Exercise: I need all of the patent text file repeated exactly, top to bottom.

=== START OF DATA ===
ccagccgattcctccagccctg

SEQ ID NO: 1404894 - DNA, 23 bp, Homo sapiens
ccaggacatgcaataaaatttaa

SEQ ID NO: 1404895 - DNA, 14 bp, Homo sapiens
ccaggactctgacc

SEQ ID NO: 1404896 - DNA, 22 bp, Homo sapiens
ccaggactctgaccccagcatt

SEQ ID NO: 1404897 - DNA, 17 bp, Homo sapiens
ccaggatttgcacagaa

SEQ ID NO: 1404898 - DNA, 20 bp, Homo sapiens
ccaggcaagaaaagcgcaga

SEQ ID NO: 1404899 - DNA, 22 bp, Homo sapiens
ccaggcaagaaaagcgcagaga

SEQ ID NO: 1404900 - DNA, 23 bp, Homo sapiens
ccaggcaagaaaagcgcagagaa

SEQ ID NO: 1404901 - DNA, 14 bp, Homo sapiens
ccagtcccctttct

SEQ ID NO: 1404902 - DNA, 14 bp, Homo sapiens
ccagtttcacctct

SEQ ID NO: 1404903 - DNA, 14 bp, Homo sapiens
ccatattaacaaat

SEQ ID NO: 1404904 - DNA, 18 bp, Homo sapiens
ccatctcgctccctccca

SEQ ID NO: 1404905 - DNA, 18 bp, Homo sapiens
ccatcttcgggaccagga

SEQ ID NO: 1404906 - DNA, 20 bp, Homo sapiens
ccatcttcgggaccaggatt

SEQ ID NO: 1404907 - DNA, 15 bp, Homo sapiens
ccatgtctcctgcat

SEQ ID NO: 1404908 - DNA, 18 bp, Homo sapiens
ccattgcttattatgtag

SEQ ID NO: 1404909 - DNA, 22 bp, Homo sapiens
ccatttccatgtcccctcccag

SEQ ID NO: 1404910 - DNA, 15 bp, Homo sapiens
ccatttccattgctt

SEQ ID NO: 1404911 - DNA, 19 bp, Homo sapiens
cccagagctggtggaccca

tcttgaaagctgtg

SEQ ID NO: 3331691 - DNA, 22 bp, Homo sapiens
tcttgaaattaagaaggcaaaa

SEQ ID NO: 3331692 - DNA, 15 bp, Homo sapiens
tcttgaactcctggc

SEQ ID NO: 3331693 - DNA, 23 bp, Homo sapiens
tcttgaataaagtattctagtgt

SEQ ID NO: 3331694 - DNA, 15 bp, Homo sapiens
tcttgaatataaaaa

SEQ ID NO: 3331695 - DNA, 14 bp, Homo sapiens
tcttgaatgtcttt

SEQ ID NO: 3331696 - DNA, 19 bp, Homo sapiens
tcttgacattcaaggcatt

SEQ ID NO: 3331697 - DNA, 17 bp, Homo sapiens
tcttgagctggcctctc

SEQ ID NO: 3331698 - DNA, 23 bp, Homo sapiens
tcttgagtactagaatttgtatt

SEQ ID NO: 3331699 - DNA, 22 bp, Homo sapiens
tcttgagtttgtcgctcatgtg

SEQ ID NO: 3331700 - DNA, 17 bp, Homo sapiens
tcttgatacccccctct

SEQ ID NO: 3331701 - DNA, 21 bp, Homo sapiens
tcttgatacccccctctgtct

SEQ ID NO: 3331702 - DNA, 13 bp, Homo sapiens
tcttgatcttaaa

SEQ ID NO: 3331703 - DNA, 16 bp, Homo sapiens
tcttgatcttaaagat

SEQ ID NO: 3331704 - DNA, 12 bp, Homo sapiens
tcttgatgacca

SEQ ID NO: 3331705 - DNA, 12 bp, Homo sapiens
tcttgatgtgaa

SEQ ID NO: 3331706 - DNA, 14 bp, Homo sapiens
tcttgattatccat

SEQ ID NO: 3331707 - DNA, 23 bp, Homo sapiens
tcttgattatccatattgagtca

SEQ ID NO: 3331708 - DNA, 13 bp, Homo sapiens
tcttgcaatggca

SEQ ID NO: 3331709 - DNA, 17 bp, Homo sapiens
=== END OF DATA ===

ccagccgattcctccagccctg

SEQ ID NO: 1404894 - DNA, 23 bp, Homo sapiens
ccaggacatgcaataaaatttaa

SEQ ID NO: 1404895 - DNA, 14 bp, Homo sapiens
ccaggactctgacc

SEQ ID NO: 1404896 - DNA, 22 bp, Homo sapiens
ccaggactctgaccccagcatt

SEQ ID NO: 1404897 - DNA, 17 bp, Homo sapiens
ccaggatttgcacagaa

SEQ ID NO: 1404898 - DNA, 20 bp, Homo sapiens
ccaggcaagaaaagcgcaga

SEQ ID NO: 1404899 - DNA, 22 bp, Homo sapiens
ccaggcaagaaaagcgcagaga

SEQ ID NO: 1404900 - DNA, 23 bp, Homo sapiens
ccaggcaagaaaagcgcagagaa

SEQ ID NO: 1404901 - DNA, 14 bp, Homo sapiens
ccagtcccctttct

SEQ ID NO: 1404902 - DNA, 14 bp, Homo sapiens
ccagtttcacctct

SEQ ID NO: 1404903 - DNA, 14 bp, Homo sapiens
ccatattaacaaat

SEQ ID NO: 1404904 - DNA, 18 bp, Homo sapiens
ccatctcgctccctccca

SEQ ID NO: 1404905 - DNA, 18 bp, Homo sapiens
ccatcttcgggaccagga

SEQ ID NO: 1404906 - DNA, 20 bp, Homo sapiens
ccatcttcgggaccaggatt

SEQ ID NO: 1404907 - DNA, 15 bp, Homo sapiens
ccatgtctcctgcat

SEQ ID NO: 1404908 - DNA, 18 bp, Homo sapiens
ccattgcttattatgtag

SEQ ID NO: 1404909 - DNA, 22 bp, Homo sapiens
ccatttccatgtcccctcccag

SEQ ID NO: 1404910 - DNA, 15 bp, Homo sapiens
ccatttccattgctt

SEQ ID NO: 1404911 - DNA, 19 bp, Homo sapiens
cccagagctggtggaccca

tcttgaaagctgtg

SEQ ID NO: 3331691 - DNA, 22 bp, Homo sapiens
tcttgaaattaagaaggcaaaa

SEQ ID NO: 3331692 - DNA, 15 bp, Homo sapiens
tcttgaactcctggc

SEQ ID NO: 3331693 - DNA, 23 bp, Homo sapiens
tcttgaataaagtattctagtgt

SEQ ID NO: 3331694 - DNA, 15 bp, Homo sapiens
tcttgaatataaaaa

SEQ ID NO: 3331695 - DNA, 14 bp, Homo sapiens
tcttgaatgtcttt

SEQ ID NO: 3331696 - DNA, 19 bp, Homo sapiens
tcttgacattcaaggcatt

SEQ ID NO: 3331697 - DNA, 17 bp, Homo sapiens
tcttgagctggcctctc

SEQ ID NO: 3331698 - DNA, 23 bp, Homo sapiens
tcttgagtactagaatttgtatt

SEQ ID NO: 3331699 - DNA, 22 bp, Homo sapiens
tcttgagtttgtcgctcatgtg

SEQ ID NO: 3331700 - DNA, 17 bp, Homo sapiens
tcttgatacccccctct

SEQ ID NO: 3331701 - DNA, 21 bp, Homo sapiens
tcttgatacccccctctgtct

SEQ ID NO: 3331702 - DNA, 13 bp, Homo sapiens
tcttgatcttaaa

SEQ ID NO: 3331703 - DNA, 16 bp, Homo sapiens
tcttgatcttaaagat

SEQ ID NO: 3331704 - DNA, 12 bp, Homo sapiens
tcttgatgacca

SEQ ID NO: 3331705 - DNA, 12 bp, Homo sapiens
tcttgatgtgaa

SEQ ID NO: 3331706 - DNA, 14 bp, Homo sapiens
tcttgattatccat

SEQ ID NO: 3331707 - DNA, 23 bp, Homo sapiens
tcttgattatccatattgagtca

SEQ ID NO: 3331708 - DNA, 13 bp, Homo sapiens
tcttgcaatggca

SEQ ID NO: 3331709 - DNA, 17 bp, Homo sapiens